Tunneling in Ubuntu
Nazeem نجم لدين
nazeemnss at gmail.com
Wed Feb 10 06:48:18 UTC 2010
I tried the openvpn idea. I was able to setp openvpn on both server and
client side. But I was neither able to ping to the other subnet nor send
I followed https://help.ubuntu.com/community/OpenVPN for the setup
The output of route -n on server:
ernel IP routing table
Destination Gateway Genmask Flags Metric Ref Use
10.129.0.0 0.0.0.0 255.255.0.0 U 0 0 0 br0
169.254.0.0 0.0.0.0 255.255.0.0 U 1000 0 0 br0
0.0.0.0 10.129.1.250 0.0.0.0 UG 100 0 0 br0
So I think the route for the packets is the bridge.
Can you please tell me what I am missing. I did not use 2 NIC's on either
client or server. Do I have to use them?
On Thu, Feb 4, 2010 at 6:57 AM, NoOp <glgxg at sbcglobal.net> wrote:
> On 02/03/2010 02:21 PM, Smoot Carl-Mitchell wrote:
> > On Wed, 2010-02-03 at 22:40 +0100, Werner Schram wrote:
> >> On Wed, Feb 3, 2010 at 7:02 AM, Nazeem نجم لدين <nazeemnss at gmail.com>
> >> >
> >> > hi,
> >> > Can you suggest way of getting a multicast tunnel work. The assumption
> >> > that there is a unicast cloud in between two mbone networks. So we
> need to
> >> > forward the multicast traffic over the unicast tunnel. Application is
> >> > video transmission.
> >> > -Nazeem
> >> >
> >> I think you should be able to do it with openvpn. Using the tap setup,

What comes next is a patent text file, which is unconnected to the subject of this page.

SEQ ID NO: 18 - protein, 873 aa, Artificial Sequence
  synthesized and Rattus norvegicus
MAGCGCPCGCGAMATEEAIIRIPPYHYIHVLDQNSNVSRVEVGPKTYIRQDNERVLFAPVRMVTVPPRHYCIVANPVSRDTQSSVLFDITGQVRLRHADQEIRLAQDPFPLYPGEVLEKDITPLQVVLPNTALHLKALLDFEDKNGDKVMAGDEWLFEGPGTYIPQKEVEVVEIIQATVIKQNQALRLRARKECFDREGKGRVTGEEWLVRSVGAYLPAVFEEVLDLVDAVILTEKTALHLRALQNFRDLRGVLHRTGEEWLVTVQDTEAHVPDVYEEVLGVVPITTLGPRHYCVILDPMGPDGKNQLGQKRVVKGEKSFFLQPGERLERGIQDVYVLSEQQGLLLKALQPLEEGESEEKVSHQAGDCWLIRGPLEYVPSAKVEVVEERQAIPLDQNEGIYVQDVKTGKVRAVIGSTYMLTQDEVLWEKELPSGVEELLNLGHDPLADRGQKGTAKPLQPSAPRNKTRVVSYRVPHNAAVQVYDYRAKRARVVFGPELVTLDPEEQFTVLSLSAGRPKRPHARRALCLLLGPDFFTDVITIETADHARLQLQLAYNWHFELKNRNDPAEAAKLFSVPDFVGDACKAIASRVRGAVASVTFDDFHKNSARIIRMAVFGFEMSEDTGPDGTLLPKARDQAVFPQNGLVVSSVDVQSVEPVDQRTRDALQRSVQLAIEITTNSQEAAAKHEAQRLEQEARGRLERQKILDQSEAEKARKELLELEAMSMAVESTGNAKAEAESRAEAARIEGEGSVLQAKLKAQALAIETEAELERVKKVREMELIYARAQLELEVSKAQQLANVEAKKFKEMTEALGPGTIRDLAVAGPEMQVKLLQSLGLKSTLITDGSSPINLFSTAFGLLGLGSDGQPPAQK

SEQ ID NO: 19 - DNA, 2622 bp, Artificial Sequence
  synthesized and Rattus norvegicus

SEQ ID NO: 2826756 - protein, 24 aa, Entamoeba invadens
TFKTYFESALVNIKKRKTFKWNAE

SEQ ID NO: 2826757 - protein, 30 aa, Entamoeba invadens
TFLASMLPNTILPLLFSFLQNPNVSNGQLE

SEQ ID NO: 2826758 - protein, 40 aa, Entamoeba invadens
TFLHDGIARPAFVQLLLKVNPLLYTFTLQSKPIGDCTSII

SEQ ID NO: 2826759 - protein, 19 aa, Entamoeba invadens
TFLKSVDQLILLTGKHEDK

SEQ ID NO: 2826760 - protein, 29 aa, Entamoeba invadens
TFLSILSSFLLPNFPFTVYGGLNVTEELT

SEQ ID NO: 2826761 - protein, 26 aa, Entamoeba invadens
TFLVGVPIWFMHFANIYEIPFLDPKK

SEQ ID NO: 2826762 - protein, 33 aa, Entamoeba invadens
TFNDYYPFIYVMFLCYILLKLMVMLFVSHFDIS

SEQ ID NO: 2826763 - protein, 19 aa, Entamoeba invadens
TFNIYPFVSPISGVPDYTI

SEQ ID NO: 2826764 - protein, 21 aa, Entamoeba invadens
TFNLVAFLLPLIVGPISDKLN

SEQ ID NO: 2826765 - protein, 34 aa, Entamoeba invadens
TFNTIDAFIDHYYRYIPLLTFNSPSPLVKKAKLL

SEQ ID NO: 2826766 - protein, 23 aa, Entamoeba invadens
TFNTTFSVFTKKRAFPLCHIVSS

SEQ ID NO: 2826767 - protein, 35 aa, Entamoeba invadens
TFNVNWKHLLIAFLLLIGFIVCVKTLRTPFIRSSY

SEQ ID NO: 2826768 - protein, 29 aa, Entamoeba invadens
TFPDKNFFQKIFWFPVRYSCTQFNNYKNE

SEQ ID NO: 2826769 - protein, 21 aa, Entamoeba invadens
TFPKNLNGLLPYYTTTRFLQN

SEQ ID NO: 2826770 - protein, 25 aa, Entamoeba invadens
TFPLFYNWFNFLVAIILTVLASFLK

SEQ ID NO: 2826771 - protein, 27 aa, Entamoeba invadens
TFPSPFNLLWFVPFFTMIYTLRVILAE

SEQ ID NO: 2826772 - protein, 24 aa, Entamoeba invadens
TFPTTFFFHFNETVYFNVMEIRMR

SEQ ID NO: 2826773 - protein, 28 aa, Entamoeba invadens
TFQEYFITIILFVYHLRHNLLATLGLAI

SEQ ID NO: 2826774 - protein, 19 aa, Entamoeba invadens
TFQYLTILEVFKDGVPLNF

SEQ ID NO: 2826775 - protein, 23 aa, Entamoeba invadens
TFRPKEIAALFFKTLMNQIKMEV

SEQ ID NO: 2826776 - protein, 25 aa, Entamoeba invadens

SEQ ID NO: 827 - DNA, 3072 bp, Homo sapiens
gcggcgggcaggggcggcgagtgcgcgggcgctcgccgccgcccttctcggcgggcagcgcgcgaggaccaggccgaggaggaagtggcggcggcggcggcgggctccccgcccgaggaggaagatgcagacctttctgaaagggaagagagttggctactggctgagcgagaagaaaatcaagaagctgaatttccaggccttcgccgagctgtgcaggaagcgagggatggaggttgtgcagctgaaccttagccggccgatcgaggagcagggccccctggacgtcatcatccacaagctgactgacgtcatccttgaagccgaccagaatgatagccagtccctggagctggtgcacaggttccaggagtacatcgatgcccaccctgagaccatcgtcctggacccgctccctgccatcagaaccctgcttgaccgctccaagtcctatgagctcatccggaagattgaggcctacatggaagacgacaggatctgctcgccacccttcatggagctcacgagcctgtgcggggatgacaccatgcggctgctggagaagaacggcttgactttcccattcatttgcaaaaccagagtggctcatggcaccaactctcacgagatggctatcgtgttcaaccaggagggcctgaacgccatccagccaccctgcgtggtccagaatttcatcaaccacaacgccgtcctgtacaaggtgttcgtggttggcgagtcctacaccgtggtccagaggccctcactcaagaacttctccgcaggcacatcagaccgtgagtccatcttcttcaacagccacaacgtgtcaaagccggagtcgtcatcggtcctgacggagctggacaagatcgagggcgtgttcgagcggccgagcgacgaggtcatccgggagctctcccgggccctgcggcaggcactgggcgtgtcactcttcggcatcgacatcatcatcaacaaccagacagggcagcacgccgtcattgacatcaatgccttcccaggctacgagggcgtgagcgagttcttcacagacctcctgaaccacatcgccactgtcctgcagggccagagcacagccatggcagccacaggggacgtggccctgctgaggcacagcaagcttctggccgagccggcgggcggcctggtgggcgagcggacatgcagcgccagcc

> >> you can create a OSI layer 2 tunnel, which should be able to handle
> >> ip-multicast. You then need to update the routing tables in both
> >> networks to send multicast traffic to the tunnel in stead of the router.
> >> If you fully thrust the connection between the two networks, you could
> >> disable openvpn's encryption for better performance.
> > You can also do this with SSH which I find simpler than openvpn to
> > configure (although I have done both). Check out the -w argument to SSH
> > and the 'Tunnel' configuration parameter. Tunnel lets you do either
> > layer 3 (point-to-point) or layer 2 (ethernet). You do incur the
> > encryption overhead, but I would not run a VPN connection over the
> > Internet unencrypted.
> Or, buy and use routers on each end that do the vpn encryption in
> hardware. I typically avoid software vpn solutions (except for roaming
> clients) for commercial/semi-commercial/private vpn networks. In the
> past I've used (and still do) Linksys/Cisco BEFVP41 routers on each end.
> I'm sure that there are now more modern models that can do this as well,
> but the BEFVP41's (model 2/2.1) have been quite trustworthy. Setup is
> simple, the encryption takes place in the hardware so it's fast and
> doesn't require client software on each side of a direct connect, and
> both sides can be set up to autoconnect & use keepalive to stay up even
> with non-static ip addresses (I use dyndns.org for my non-commercial dsl
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